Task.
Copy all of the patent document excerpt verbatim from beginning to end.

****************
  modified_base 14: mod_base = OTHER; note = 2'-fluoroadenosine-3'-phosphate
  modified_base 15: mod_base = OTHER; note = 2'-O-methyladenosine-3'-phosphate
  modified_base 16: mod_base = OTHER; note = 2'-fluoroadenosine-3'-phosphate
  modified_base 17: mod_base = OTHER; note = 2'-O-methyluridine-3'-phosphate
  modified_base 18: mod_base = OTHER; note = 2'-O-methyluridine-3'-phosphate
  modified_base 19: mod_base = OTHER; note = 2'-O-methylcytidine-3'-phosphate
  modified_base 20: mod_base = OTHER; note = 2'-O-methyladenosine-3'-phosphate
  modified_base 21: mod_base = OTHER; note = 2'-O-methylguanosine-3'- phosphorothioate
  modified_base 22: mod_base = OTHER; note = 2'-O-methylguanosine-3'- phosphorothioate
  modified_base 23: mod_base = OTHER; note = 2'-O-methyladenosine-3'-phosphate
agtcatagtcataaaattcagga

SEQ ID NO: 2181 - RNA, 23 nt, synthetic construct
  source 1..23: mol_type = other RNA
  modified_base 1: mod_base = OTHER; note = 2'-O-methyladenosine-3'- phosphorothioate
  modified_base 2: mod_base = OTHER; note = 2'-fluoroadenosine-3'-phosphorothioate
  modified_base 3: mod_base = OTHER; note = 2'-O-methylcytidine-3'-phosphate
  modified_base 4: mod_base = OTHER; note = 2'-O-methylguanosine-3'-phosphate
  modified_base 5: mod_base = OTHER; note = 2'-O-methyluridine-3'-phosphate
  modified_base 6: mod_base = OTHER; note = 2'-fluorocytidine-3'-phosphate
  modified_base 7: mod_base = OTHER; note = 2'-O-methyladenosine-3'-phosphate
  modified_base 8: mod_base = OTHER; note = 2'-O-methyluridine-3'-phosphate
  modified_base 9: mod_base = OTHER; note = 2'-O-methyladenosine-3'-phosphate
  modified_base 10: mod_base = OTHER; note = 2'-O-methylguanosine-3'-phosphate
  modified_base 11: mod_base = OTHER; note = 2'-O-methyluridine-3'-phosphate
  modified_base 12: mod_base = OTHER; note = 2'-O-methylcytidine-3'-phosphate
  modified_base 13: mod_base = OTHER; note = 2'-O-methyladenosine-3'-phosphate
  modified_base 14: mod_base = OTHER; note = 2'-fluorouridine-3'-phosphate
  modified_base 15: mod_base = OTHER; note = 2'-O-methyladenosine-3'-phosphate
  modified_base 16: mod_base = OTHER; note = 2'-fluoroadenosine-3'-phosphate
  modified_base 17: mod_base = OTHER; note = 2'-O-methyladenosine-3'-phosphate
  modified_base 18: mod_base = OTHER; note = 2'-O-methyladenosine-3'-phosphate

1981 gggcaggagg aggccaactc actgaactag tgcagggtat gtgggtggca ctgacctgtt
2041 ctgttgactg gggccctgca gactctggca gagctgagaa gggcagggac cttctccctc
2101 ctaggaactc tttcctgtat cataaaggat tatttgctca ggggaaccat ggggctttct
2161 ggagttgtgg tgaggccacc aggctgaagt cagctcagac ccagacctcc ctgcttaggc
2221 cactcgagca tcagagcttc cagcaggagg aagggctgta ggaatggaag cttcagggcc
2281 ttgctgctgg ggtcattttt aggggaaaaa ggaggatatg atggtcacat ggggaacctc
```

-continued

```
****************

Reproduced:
  modified_base 14: mod_base = OTHER; note = 2'-fluoroadenosine-3'-phosphate
  modified_base 15: mod_base = OTHER; note = 2'-O-methyladenosine-3'-phosphate
  modified_base 16: mod_base = OTHER; note = 2'-fluoroadenosine-3'-phosphate
  modified_base 17: mod_base = OTHER; note = 2'-O-methyluridine-3'-phosphate
  modified_base 18: mod_base = OTHER; note = 2'-O-methyluridine-3'-phosphate
  modified_base 19: mod_base = OTHER; note = 2'-O-methylcytidine-3'-phosphate
  modified_base 20: mod_base = OTHER; note = 2'-O-methyladenosine-3'-phosphate
  modified_base 21: mod_base = OTHER; note = 2'-O-methylguanosine-3'- phosphorothioate
  modified_base 22: mod_base = OTHER; note = 2'-O-methylguanosine-3'- phosphorothioate
  modified_base 23: mod_base = OTHER; note = 2'-O-methyladenosine-3'-phosphate
agtcatagtcataaaattcagga

SEQ ID NO: 2181 - RNA, 23 nt, synthetic construct
  source 1..23: mol_type = other RNA
  modified_base 1: mod_base = OTHER; note = 2'-O-methyladenosine-3'- phosphorothioate
  modified_base 2: mod_base = OTHER; note = 2'-fluoroadenosine-3'-phosphorothioate
  modified_base 3: mod_base = OTHER; note = 2'-O-methylcytidine-3'-phosphate
  modified_base 4: mod_base = OTHER; note = 2'-O-methylguanosine-3'-phosphate
  modified_base 5: mod_base = OTHER; note = 2'-O-methyluridine-3'-phosphate
  modified_base 6: mod_base = OTHER; note = 2'-fluorocytidine-3'-phosphate
  modified_base 7: mod_base = OTHER; note = 2'-O-methyladenosine-3'-phosphate
  modified_base 8: mod_base = OTHER; note = 2'-O-methyluridine-3'-phosphate
  modified_base 9: mod_base = OTHER; note = 2'-O-methyladenosine-3'-phosphate
  modified_base 10: mod_base = OTHER; note = 2'-O-methylguanosine-3'-phosphate
  modified_base 11: mod_base = OTHER; note = 2'-O-methyluridine-3'-phosphate
  modified_base 12: mod_base = OTHER; note = 2'-O-methylcytidine-3'-phosphate
  modified_base 13: mod_base = OTHER; note = 2'-O-methyladenosine-3'-phosphate
  modified_base 14: mod_base = OTHER; note = 2'-fluorouridine-3'-phosphate
  modified_base 15: mod_base = OTHER; note = 2'-O-methyladenosine-3'-phosphate
  modified_base 16: mod_base = OTHER; note = 2'-fluoroadenosine-3'-phosphate
  modified_base 17: mod_base = OTHER; note = 2'-O-methyladenosine-3'-phosphate
  modified_base 18: mod_base = OTHER; note = 2'-O-methyladenosine-3'-phosphate

1981 gggcaggagg aggccaactc actgaactag tgcagggtat gtgggtggca ctgacctgtt
2041 ctgttgactg gggccctgca gactctggca gagctgagaa gggcagggac cttctccctc
2101 ctaggaactc tttcctgtat cataaaggat tatttgctca ggggaaccat ggggctttct
2161 ggagttgtgg tgaggccacc aggctgaagt cagctcagac ccagacctcc ctgcttaggc
2221 cactcgagca tcagagcttc cagcaggagg aagggctgta ggaatggaag cttcagggcc
2281 ttgctgctgg ggtcattttt aggggaaaaa ggaggatatg atggtcacat ggggaacctc
```

-continued

```